FRCrP 11(d)(2)(B) provides that a defendant may withdraw a plea of guilty after the Court accepts the plea but before sentence is imposed if he can show "a fair and just reason for requesting the withdrawal." FRCrP 11(d)(2)(B). Because the Court accepted defendant's guilty plea at the time it was entered on June 7, 2004, defendant must provide "a fair and just reason" for his request to withdraw that plea.

Whether a defendant has shown such a reason is an inquiry entrusted to the discretion of the district court, see United States v. Torres, 129 F.3d 710, 715 (2d Cir. 1997), upon consideration of such factors as:

"(1) whether the defendant has asserted his or her legal innocence in the motion to withdraw guilty plea; (2) the amount of time that has elapsed between the plea and the motion (the longer the elapsed time, the less likely withdrawal would be fair and just); and (3) whether the government would be prejudiced by a withdrawal of the plea."

United States v. Rosen, 409 F.3d 535, 546 (2d Cir. 2005) (citing United States v. Schmidt, 373 F.3d 100, 102-103 (2d Cir. 2004)). The Court should also consider whether the defendant has "raised a significant question about the voluntariness of the original plea." Ibid. In reviewing a motion to withdraw guilty plea, the court "must draw all permissible inferences in favor of the government and against the defendant." Maher, at 1530.

Defendant argues that he should be permitted to withdraw his guilty plea because the plea agreement was not properly or completely translated into Spanish, resulting in his failure to comprehend the waiver of his appellate rights and his waiver of a statute of limitations defense, and because his co-defendant's plea agreement admitted facts demonstrating that the co-defendant in fact committed the crime with which defendant is charged.*fn5 The government opposes the Motion, arguing that the certifications of the Spanish language translator attached to the Waiver and the Plea Agreement establish that she did, in fact, translate the entire contents of those documents to defendant and that defendant indicated that he understood the contents of those documents.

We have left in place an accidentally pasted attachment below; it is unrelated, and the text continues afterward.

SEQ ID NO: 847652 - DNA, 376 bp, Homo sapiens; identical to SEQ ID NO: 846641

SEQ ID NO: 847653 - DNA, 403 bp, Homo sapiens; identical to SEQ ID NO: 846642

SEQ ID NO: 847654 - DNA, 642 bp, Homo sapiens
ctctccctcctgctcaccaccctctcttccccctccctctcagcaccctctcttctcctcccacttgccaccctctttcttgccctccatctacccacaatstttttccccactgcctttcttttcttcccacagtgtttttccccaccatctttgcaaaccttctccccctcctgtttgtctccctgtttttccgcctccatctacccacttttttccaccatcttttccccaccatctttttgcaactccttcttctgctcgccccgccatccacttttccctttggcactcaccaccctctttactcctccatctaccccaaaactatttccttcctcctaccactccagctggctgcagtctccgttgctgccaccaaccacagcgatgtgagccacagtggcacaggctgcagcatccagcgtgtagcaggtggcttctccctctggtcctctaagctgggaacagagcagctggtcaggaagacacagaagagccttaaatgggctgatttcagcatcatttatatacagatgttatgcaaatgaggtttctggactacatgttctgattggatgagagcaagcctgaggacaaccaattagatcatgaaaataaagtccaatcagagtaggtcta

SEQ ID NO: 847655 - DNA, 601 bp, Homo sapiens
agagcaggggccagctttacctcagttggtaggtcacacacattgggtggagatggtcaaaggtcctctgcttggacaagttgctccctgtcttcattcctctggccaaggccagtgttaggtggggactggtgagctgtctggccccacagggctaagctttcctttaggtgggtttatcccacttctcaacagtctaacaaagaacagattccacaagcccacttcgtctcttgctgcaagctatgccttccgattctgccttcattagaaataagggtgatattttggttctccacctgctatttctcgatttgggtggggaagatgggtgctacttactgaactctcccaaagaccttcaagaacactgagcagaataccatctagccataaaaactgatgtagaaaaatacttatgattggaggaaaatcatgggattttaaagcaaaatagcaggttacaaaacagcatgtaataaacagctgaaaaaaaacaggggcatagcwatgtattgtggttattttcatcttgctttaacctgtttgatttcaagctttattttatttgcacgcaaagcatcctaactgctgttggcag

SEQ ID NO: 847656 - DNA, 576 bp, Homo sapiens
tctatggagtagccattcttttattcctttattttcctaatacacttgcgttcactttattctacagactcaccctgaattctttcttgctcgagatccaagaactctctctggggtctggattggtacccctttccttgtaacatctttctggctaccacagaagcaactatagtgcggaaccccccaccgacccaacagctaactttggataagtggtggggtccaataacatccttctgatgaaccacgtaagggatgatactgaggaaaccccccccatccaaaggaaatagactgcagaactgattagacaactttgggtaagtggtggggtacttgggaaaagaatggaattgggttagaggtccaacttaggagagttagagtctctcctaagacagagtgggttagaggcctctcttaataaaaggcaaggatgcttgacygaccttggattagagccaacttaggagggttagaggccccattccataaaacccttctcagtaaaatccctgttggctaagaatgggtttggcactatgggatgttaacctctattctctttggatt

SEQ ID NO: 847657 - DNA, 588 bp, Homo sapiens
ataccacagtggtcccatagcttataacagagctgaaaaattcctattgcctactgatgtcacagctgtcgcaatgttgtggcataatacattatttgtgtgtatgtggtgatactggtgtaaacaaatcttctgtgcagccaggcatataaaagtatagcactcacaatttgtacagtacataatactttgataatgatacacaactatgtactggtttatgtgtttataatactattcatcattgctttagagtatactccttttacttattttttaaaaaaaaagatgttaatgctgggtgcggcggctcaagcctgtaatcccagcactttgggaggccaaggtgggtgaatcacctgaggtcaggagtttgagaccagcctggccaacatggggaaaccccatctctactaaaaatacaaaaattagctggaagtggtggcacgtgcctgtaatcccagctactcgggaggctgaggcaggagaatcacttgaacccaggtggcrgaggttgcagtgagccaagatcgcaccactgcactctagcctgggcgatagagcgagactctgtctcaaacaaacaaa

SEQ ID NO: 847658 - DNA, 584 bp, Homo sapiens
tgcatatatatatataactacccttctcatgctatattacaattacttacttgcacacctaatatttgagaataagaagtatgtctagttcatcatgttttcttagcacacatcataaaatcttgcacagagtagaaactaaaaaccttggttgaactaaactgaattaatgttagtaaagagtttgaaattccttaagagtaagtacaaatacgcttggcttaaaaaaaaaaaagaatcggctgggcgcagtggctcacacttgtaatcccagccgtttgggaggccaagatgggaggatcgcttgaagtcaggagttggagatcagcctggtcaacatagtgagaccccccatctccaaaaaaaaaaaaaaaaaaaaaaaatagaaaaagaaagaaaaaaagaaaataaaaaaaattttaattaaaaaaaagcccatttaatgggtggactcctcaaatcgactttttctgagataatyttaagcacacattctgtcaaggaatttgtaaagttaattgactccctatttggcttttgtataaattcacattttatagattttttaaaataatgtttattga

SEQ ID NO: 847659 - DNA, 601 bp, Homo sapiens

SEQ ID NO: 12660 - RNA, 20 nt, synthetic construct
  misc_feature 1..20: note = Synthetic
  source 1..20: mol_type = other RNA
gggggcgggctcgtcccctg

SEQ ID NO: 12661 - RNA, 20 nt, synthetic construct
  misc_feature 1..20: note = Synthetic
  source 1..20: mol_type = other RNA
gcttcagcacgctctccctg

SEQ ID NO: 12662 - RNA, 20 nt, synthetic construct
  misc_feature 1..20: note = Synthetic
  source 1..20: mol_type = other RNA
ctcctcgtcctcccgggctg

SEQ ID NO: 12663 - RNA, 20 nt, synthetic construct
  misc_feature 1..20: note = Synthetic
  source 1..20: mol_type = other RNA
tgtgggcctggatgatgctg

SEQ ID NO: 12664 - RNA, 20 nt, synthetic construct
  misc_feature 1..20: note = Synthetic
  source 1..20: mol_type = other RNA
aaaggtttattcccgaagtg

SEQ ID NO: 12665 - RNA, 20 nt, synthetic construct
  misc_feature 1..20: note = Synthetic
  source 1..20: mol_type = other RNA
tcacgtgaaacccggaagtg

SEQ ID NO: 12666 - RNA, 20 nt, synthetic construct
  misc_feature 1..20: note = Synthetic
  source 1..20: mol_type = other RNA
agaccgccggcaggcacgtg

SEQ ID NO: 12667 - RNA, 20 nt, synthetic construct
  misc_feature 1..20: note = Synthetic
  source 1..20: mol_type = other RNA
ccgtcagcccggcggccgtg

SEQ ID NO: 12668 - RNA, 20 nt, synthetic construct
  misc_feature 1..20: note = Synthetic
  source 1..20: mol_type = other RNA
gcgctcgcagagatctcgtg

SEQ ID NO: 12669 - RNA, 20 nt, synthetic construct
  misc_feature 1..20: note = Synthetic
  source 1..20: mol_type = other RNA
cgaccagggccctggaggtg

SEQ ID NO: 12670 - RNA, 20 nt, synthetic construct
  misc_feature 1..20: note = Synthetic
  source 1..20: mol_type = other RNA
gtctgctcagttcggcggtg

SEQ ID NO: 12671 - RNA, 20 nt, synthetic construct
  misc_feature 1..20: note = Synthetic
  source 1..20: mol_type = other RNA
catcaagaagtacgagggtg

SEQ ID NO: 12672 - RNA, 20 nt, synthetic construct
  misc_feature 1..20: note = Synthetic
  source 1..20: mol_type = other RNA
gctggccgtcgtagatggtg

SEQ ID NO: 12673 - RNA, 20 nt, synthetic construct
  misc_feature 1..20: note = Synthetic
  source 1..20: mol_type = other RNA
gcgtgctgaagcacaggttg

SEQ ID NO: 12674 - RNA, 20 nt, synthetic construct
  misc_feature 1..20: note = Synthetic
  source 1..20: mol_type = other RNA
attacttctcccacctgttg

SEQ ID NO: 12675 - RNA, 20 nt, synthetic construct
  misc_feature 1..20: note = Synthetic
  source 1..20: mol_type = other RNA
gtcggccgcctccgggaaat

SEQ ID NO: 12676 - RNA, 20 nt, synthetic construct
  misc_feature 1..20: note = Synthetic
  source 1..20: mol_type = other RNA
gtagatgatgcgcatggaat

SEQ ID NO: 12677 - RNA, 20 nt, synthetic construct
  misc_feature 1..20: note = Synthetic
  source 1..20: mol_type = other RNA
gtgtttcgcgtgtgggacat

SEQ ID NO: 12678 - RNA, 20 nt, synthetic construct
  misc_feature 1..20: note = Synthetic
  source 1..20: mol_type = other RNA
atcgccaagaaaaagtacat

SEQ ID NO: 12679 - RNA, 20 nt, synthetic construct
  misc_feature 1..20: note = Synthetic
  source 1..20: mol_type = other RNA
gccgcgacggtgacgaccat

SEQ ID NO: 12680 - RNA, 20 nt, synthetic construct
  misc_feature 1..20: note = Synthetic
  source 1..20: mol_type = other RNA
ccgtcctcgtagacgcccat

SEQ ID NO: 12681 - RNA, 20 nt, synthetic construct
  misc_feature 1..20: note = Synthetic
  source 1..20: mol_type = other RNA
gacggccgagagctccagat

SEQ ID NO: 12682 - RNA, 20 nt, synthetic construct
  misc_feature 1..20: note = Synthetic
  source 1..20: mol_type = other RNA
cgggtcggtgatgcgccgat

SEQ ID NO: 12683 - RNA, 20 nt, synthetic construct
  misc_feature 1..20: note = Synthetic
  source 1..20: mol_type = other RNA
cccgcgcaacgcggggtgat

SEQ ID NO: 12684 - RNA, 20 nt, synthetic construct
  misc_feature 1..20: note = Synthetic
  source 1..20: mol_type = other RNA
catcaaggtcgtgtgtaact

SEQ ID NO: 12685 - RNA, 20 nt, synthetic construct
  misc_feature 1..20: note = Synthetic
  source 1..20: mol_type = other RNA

The Court concludes that defendant has failed to supply a "fair and just reason" for the withdrawal of his plea. Defendant has failed to demonstrate any facts indicating that he did not understand the contents of his plea agreement at the time it was entered into. Cutting sharply against defendant's argument is the fact that he previously sought to withdraw his plea based on insufficiency of counsel's representation and made no mention at all of his lack of understanding of the contents of the plea agreement. On June 15, 2004 defendant authored a letter to this Court which was mailed on July 2, 2004 and received by the Court on July 6, 2004. In that letter, defendant argued, not that he failed to comprehend or understand all of the contents of his plea agreement, but his co-defendant had admitted that the co-defendant was the purchaser of the subject bracelet, that defendant was actually innocent of the charge and that he was unhappy with the representation afforded him by his then-counsel. Defendant made no assertion that he did not comprehend the nature or the details of his plea at the time it was entered. Again in an August 2004 submission defendant argued that his counsel coerced him into signing the plea agreement and misrepresented his ability to locate and/or call his former co-defendant as a witness but made no mention of faulty or incomplete translation of the plea agreement and accompanying waivers.

The Court finds defendant's assertions of inadequate translation services to be disingenuous and suspect. Once again, the Court has reviewed the transcript of the plea colloquy on June 7, 2004 and finds sufficient factual basis for the plea of guilty and that such plea was entered into knowingly and voluntarily.


For the reasons stated, it is hereby ORDERED that defendant's Motion to Withdraw his Guilty Plea is denied.